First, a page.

Isaac Julien on Using the Gaps in Historical Archives as Springboards for Reinvention

The full title of the article by Precious Adesina (Artnet) is “‘It’s About Bringing Those Absences to Life:’ Isaac Julien on Using the Gaps in Historical Archives As Springboards for Reinvention.” British artist Isaac Julien, whose parents hail from St. Lucia, has his first major UK retrospective on view through August 20, 2023—“Isaac Julien: What Freedom Is to Me”—at Tate Britain, London.

When the British artist Isaac Julien released his 1989 film Looking for Langston, it was the height of the AIDS epidemic that disproportionately affected gay men. But despite undertones of the crisis being present throughout the 40-minute-long black and white video, Julien does not offer viewers a conventional depiction of the pain of the time, instead illustrating the beauty and magnificence of queer (especially Black, gay) relationships. Shots of men dancing, smoking or in moments of desire are interspersed with archival material, including a voiceover of a radio broadcast made after the death of the African American poet, writer and activist Langston Hughes, and readings of poetry by Hughes, Richard Bruce Nugent, James Baldwin, and Essex Hemphill. 

Though Looking for Langston is the 63-year-old’s best-known film, Julien was already an integral figure in independent cinema before its release, noted for constantly pushing the boundaries between film and art. Who Killed Colin Roach? (1983) reflected on the death of Colin Roach, a 21-year-old who was fatally shot inside Stoke Newington Police Station in east London in 1983, and Territories (1984) critiqued traditional representations of Black culture, focussing particularly on Notting Hill Carnival. All three films, which exemplify the artist’s ability to fuse fiction and history, are included in the artist’s first major U.K. retrospective, titled “What Freedom Is To Me,” and on view at Tate Britain through August 20.

“When making a work, I like the idea of wearing the research lightly on your sleeve,” Julien told Artnet News, dressed in a ribbed black cardigan, white shirt, and dark skinny tie, at the art museum the afternoon before the opening of his exhibition. Looking for Langston explores the life of Hughes, who died in 1967 and was known for leading the Harlem Renaissance, a Black cultural movement that took place in New York from the late 1910s to the mid-1930s. Rather than presenting a biography or breakdown of who the artist was, Julien provides something that straddles history and fantasy, and attempts to capture the poet’s essence.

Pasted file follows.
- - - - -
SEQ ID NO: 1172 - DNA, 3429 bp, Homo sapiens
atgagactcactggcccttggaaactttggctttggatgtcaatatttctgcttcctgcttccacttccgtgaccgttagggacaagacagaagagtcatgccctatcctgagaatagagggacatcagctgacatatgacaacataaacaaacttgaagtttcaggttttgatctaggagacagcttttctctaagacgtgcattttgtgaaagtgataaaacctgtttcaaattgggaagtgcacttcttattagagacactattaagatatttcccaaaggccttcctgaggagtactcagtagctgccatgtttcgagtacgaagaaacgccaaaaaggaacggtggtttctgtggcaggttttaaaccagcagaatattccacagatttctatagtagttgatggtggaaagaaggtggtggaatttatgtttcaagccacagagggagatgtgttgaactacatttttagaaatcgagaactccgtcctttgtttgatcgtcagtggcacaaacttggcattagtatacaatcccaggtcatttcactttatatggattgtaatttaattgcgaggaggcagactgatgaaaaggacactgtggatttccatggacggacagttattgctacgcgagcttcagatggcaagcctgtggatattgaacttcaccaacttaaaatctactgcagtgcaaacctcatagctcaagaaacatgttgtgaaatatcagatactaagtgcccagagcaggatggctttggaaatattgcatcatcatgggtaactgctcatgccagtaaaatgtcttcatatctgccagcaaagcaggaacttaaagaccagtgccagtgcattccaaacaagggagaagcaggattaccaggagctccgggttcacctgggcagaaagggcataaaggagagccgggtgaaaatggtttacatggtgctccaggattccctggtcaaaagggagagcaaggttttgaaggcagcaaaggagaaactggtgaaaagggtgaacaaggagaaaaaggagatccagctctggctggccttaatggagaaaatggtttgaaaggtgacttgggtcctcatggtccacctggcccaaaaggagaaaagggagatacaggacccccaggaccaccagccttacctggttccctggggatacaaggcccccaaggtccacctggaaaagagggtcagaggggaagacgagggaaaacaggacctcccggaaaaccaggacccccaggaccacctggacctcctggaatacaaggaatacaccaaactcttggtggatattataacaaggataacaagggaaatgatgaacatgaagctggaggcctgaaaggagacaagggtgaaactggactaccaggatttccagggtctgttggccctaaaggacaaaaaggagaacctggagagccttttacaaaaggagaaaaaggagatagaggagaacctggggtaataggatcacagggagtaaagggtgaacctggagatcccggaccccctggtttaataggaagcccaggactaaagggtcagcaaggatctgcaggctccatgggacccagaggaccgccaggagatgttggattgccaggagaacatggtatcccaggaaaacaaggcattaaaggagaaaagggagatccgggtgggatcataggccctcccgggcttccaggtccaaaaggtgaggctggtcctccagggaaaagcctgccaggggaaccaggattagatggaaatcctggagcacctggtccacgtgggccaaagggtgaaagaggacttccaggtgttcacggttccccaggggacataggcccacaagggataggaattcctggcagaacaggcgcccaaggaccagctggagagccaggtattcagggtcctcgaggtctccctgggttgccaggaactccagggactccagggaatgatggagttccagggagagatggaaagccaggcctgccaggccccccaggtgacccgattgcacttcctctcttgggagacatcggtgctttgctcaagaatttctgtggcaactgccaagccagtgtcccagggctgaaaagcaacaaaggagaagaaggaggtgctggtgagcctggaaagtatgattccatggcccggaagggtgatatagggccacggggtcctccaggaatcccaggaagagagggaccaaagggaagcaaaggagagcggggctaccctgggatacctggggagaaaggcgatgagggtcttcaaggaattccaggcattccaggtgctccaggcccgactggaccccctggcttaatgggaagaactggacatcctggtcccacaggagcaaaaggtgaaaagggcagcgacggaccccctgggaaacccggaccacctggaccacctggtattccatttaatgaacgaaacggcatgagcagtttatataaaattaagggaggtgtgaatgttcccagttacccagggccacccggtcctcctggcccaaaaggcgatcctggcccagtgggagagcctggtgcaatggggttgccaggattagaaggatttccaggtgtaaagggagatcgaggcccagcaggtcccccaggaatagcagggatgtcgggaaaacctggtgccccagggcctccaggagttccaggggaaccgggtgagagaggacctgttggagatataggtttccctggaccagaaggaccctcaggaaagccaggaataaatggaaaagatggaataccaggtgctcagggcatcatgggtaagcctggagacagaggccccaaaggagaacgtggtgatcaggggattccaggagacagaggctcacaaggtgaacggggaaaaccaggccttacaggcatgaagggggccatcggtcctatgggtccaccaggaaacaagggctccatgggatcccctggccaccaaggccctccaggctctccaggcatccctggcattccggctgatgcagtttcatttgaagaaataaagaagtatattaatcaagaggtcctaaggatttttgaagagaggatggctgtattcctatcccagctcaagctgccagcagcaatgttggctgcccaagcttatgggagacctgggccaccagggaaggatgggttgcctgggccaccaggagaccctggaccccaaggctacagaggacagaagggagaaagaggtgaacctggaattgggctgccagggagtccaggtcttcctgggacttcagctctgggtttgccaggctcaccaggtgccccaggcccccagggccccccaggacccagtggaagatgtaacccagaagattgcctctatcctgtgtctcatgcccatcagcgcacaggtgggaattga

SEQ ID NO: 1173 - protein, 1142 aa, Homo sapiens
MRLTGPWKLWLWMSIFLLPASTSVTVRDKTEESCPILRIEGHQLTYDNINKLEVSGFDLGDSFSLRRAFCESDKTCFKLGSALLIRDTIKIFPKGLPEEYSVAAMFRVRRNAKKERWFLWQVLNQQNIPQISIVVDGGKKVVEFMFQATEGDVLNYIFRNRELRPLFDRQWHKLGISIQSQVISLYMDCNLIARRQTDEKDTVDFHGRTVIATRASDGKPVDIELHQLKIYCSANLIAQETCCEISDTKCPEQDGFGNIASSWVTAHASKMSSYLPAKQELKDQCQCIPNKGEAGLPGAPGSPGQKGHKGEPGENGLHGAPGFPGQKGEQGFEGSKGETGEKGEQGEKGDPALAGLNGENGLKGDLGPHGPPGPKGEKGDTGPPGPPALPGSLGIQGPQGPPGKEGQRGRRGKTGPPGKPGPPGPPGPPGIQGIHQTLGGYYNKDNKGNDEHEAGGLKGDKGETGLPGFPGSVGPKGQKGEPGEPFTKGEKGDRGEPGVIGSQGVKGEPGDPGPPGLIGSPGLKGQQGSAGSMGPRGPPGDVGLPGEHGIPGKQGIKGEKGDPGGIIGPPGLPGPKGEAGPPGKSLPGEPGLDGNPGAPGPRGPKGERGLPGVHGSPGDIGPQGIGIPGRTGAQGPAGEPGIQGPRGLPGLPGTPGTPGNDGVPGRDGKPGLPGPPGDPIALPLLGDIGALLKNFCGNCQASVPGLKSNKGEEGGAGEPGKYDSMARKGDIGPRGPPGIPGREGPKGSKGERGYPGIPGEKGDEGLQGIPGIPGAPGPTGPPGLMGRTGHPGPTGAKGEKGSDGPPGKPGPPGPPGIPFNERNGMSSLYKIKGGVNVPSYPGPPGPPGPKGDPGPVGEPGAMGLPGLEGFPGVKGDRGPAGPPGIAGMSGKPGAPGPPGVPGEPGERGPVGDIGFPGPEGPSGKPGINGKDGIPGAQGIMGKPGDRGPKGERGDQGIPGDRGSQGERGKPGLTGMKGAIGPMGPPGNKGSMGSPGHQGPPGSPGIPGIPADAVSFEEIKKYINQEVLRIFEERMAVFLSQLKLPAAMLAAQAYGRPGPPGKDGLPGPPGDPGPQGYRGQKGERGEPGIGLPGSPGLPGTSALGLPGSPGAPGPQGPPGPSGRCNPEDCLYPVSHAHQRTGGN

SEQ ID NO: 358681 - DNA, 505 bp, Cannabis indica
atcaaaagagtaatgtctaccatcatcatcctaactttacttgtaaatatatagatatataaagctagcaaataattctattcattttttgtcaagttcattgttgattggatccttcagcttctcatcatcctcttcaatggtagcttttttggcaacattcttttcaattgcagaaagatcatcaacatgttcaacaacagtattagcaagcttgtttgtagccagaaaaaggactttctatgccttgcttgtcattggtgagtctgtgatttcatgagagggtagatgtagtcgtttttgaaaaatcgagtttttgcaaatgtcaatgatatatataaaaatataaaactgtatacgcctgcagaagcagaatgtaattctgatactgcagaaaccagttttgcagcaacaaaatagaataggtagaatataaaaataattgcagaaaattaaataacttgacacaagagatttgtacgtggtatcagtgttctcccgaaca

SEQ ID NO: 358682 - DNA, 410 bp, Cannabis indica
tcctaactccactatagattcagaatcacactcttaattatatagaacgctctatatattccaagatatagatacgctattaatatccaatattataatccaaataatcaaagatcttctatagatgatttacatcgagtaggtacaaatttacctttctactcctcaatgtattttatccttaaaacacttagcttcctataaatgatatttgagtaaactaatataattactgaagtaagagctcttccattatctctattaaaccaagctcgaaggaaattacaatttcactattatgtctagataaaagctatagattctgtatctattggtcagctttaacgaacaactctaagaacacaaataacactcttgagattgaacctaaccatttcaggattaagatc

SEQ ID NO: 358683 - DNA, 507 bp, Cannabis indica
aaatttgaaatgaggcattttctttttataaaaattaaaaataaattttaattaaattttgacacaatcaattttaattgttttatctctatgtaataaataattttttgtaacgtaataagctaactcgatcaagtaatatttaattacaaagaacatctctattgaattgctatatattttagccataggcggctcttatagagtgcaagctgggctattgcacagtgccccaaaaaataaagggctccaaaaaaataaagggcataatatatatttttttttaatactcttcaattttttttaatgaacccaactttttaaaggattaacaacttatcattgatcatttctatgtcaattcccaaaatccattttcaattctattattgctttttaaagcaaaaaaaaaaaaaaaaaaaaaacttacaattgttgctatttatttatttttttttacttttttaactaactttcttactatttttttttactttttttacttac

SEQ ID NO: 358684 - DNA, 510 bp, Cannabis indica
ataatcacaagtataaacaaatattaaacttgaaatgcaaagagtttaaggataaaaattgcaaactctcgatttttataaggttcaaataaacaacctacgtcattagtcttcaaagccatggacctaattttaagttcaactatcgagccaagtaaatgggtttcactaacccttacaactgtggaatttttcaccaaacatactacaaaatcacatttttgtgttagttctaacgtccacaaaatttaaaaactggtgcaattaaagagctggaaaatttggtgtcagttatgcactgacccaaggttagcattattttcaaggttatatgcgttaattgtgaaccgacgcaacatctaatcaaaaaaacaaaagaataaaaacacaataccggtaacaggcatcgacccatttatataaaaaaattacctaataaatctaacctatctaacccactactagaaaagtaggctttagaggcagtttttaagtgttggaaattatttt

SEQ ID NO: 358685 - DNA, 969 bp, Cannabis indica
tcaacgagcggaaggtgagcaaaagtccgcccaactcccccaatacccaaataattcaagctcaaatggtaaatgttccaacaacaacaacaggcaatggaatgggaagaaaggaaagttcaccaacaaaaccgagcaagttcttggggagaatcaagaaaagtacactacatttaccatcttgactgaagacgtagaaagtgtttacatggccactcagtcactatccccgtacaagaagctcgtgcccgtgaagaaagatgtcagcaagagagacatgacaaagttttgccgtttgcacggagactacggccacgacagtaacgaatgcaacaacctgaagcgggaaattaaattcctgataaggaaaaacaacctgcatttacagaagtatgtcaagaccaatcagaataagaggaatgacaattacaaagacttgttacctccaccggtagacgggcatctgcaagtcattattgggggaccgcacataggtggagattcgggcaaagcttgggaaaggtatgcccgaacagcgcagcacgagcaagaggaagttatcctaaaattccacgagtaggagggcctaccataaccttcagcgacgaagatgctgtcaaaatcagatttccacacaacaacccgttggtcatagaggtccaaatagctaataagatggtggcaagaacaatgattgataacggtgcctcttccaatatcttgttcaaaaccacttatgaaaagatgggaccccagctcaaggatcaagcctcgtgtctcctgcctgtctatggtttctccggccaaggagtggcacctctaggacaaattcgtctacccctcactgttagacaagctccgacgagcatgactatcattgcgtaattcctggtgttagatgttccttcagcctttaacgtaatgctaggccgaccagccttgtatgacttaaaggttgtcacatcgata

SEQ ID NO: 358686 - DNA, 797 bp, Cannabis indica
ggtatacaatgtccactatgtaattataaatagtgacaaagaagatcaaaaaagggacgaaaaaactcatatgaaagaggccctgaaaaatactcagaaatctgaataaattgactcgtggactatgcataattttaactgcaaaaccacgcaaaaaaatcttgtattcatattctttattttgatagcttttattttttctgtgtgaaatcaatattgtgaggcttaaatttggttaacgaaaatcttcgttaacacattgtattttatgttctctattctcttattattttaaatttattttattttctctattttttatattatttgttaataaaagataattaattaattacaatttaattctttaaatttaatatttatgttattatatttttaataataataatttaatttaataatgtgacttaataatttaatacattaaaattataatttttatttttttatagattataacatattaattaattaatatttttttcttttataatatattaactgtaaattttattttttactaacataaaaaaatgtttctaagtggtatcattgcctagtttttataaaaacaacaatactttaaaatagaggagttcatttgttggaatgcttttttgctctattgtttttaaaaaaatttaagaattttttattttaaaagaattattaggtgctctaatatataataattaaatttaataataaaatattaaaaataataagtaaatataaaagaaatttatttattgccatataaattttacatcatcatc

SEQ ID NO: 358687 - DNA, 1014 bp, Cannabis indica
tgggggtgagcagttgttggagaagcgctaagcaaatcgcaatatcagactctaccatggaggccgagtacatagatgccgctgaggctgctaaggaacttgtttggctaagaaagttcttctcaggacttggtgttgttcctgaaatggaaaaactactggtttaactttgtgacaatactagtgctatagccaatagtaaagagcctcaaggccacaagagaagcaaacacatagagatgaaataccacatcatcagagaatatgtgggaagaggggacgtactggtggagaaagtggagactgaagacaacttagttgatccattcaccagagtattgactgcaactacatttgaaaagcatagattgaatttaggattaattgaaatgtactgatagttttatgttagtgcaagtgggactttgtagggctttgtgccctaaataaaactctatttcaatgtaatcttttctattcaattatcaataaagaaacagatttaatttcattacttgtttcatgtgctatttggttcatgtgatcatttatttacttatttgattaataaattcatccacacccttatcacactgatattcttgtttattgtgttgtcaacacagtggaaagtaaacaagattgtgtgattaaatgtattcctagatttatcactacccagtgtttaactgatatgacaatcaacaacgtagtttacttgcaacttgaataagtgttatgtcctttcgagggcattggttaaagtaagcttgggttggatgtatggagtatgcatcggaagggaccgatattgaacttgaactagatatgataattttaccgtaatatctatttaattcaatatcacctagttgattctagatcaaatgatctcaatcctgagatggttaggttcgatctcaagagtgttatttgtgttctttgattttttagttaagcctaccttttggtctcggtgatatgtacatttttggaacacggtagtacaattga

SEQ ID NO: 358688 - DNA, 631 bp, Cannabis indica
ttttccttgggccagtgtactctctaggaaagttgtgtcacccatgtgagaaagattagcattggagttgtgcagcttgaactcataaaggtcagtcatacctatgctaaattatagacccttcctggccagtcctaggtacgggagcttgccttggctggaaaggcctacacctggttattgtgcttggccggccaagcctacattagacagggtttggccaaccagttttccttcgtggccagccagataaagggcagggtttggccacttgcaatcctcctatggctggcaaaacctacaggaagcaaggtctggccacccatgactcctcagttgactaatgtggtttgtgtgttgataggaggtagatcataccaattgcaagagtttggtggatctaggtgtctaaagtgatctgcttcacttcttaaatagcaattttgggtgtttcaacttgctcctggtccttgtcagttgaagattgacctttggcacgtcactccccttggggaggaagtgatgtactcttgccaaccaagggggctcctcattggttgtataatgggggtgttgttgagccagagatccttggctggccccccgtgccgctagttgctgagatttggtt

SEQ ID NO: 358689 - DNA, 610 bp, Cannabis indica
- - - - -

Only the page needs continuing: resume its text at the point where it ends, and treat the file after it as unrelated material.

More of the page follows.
“His work is so incredibly rich,” said Nathan Ladd, co-curator of the exhibition, who has chosen to spotlight a number of pivotal video pieces by Julien from across his 40-year career. “With every work, you enter a world constructed by Julien, and within that world, because of the amount of references and ideas, there’s so much to get out of each one.”  

Ladd noted that “the collaging together of sound, archive, fiction, and history” in the films exhibited at Tate provides a deep and multilayered experience, each intentionally offering something that doesn’t sit neatly in a particular place or time.

When discussing his work, Julien particularly references the term “critical fabulation,” coined by Saidiya Hartman, a professor of English and comparative literature at Columbia University. Julien explains that it is the practice of using fictional narratives to fill in the blanks left in the knowledge of a particular time or person. “I think it is a really interesting way of describing the things I’ve been involved in doing for some time,” he said, noting that he has been considering how to utilize gaps in history since the early days of Sankofa Film and Video Collective, a group he co-founded in the 1980s, which was dedicated to developing independent Black film culture until it dissolved in the early 1990s. “I see those spaces [in our understanding of the past] as springboards for reinvention rather than reading them in a negative way,” Julien adds. “It’s about taking the archive and historical figures and bringing those absences to life in a critical way.” [. . .]

For full article and photos, see

[Photo above by Judith Burrows via Getty Images: Sir Isaac Julien portrait at his exhibition “what freedom is to me” at Tate Britain 2023.]

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